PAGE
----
The Three Musketeers: D'Artagnan

A young Gascon seeks revenge in Paris, joining the Three Musketeers to save France.
Martin Bourboulon
The Three Musketeers: D'ArtagnanThe Three Musketeers: D'Artagnan


Why watch this film?

The French story of The Three Musketeers, written by Alexandre Dumas, is one of the oldest and most retold in recent decades on film, television, and even in literary reinterpretations. The Three Musketeers: D'Artagnan is a great French production that seeks to tell this story again, but with rarely seen precision: director Martin Bourboulon (Eiffel), from the script by Matthieu Delaporte and Alexandre de La Patellière (both from Lo mejor está por venir), brings all the possible details from the novel. It's no surprise that the promise is that another movie will come, this time focused on the character of Milady (Eva Green). This ends up being a double-edged sword: on the one hand, the movie must be enjoyable for those who already know the story and remember even details from Dumas's writing, seeing on screen characters that, for decades, have gone through various interpretations, from Gene Kelly to Logan Lerman. Here, the essence has been preserved. But, on the other hand, The Three Musketeers: D'Artagnan is also too hard to follow. By putting on screen the essence of a book, even taking out small details, there are still many stories and characters, and it is difficult to follow all the subplots and what everyone involved wants. At least, it's still Dumas: a historical adventure with good moments and that, at the very least, is guaranteed fun at the movies.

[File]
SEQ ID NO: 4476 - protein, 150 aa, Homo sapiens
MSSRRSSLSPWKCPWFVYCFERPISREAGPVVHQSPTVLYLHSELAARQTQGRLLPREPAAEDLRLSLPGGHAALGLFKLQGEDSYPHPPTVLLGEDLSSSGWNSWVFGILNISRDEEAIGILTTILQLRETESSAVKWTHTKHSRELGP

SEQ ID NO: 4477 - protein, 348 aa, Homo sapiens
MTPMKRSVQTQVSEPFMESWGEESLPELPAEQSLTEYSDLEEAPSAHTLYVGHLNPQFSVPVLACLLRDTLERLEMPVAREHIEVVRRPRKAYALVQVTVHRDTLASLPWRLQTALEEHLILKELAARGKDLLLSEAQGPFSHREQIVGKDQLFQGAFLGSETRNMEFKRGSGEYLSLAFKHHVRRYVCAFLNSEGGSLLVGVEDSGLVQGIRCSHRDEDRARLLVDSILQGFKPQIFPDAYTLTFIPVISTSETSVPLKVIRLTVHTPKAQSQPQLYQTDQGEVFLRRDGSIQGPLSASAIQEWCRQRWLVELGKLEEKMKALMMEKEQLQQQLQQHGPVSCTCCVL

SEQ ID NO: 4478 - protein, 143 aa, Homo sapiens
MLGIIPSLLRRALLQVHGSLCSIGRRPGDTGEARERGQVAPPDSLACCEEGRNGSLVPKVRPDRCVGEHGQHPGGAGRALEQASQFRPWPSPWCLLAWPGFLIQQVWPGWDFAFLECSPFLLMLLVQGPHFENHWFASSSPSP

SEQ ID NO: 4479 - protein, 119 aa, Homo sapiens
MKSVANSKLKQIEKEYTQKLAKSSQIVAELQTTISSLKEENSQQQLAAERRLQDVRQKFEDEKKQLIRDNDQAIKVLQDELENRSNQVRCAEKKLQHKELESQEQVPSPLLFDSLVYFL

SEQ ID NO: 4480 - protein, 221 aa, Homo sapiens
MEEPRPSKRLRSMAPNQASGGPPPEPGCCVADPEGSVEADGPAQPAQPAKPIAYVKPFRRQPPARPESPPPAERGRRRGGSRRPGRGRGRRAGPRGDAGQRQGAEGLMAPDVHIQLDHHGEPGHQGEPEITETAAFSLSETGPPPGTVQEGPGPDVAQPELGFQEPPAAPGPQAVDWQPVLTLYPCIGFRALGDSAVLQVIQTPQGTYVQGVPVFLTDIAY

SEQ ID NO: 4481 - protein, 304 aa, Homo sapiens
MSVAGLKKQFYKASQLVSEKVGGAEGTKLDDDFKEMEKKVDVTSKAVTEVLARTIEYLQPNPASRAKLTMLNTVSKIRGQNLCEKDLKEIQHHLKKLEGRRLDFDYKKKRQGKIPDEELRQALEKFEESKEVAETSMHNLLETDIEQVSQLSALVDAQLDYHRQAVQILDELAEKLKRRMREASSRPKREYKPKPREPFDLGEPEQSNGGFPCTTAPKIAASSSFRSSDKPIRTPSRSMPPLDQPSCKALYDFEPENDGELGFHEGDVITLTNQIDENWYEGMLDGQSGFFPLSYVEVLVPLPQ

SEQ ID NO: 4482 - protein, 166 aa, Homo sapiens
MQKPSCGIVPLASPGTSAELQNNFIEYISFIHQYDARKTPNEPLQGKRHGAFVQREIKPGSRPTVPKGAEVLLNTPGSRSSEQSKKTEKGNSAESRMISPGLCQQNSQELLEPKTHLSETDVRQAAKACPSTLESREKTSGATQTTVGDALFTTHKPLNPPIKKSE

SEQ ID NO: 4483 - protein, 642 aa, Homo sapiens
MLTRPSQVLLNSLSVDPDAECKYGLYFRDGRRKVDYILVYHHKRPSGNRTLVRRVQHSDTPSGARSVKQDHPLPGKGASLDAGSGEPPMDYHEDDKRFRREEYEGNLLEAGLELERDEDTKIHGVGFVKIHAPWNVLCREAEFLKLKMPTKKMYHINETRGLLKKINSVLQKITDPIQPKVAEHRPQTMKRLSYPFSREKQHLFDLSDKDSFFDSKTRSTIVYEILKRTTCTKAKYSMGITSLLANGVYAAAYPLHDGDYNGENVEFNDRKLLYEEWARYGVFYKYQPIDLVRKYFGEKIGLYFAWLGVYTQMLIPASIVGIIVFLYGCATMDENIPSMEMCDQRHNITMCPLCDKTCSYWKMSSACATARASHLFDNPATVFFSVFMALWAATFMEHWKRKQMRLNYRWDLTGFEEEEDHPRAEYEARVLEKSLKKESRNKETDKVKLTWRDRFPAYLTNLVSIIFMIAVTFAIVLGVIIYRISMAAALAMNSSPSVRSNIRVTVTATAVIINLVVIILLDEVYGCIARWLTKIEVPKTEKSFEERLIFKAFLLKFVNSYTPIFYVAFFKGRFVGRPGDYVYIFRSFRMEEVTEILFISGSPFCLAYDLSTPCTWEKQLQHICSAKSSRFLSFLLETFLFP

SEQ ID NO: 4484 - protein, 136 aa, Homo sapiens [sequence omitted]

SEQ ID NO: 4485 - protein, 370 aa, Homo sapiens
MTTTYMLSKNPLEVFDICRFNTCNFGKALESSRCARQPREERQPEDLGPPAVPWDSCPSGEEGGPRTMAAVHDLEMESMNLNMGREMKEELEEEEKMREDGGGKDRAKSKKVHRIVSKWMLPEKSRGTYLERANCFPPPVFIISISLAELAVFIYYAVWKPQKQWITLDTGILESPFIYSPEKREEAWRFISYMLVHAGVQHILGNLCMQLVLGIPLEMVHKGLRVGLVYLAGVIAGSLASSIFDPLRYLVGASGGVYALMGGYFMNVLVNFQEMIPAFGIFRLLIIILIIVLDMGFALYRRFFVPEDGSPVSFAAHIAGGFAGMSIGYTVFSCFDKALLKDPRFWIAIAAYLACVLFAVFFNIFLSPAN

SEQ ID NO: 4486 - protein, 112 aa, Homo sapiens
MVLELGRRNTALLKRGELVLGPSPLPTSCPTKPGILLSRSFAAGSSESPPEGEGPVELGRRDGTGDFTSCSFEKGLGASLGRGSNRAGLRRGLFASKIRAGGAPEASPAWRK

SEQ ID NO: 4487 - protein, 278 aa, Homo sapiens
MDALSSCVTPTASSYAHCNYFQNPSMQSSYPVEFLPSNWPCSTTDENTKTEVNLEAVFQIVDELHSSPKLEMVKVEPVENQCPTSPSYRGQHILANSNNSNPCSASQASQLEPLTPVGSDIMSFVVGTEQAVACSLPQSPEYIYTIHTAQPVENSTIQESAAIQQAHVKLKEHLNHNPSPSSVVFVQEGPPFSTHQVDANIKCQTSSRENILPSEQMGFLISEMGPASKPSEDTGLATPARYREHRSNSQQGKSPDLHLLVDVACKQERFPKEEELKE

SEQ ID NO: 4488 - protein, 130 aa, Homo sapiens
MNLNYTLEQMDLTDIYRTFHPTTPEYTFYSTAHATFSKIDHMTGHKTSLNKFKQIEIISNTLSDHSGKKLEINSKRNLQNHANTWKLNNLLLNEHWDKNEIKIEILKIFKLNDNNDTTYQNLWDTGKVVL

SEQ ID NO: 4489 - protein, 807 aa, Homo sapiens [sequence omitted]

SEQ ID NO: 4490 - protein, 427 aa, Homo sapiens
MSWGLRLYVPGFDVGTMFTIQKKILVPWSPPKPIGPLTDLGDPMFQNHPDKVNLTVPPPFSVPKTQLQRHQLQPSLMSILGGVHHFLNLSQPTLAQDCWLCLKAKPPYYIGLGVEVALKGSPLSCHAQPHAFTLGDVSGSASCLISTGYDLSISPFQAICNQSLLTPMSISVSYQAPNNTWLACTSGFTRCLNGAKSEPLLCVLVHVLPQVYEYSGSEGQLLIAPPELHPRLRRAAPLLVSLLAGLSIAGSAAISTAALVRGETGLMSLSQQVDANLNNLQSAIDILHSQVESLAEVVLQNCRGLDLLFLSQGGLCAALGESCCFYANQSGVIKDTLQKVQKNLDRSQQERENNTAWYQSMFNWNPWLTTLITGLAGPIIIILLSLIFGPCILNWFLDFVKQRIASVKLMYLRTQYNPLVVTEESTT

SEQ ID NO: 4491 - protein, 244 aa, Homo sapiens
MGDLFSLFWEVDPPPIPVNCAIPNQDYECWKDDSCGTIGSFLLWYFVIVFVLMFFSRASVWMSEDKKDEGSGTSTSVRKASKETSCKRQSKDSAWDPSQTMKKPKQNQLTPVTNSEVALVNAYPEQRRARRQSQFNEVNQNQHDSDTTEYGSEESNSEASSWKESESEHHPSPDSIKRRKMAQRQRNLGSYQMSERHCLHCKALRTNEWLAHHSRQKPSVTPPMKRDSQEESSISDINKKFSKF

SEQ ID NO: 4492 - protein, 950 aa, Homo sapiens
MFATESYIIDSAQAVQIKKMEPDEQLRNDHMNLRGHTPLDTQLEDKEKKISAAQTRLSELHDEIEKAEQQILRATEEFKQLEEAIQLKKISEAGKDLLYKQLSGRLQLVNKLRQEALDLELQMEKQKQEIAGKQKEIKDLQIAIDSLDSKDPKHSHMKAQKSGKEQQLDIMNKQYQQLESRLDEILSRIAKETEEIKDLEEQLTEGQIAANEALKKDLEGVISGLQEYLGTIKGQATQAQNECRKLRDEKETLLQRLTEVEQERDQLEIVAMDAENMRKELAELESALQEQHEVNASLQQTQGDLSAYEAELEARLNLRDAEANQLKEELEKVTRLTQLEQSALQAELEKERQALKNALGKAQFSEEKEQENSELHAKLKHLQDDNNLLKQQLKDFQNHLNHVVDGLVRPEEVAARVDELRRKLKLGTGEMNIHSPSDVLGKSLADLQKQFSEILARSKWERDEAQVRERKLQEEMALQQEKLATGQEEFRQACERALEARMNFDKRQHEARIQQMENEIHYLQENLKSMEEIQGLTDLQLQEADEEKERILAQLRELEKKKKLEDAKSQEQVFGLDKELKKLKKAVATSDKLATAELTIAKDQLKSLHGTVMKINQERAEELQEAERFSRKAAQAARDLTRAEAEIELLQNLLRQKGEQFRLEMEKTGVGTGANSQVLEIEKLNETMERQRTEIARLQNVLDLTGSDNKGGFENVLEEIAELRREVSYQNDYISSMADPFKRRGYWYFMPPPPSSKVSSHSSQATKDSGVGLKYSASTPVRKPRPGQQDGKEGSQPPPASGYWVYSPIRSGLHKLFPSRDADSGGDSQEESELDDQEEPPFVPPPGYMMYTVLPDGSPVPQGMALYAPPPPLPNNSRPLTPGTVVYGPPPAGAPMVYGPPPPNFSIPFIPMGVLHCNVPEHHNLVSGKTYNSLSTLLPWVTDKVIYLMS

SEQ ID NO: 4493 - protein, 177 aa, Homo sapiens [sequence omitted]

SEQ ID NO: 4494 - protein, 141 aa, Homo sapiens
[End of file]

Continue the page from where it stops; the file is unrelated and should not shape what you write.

Our suggestions

D'Artagnan, a spirited young Gascon, is left for dead after trying to save a young woman from being kidnapped. When he arrives in Paris, he tries by all means to find his attackers. He is unaware that his quest will lead him to the heart of a real war where the future of France is at stake. Allied with Athos, Porthos and Aramis, three musketeers of the King with a dangerous temerity, D'Artagnan faces the dark machinations of the Cardinal of Richelieu. But it is when he falls madly in love with Constance Bonacieux, the Queen's confidante, that d'Artagnan truly puts himself in danger. For it is this passion that leads him into the wake of the one who becomes his mortal enemy: Milady de Winter.

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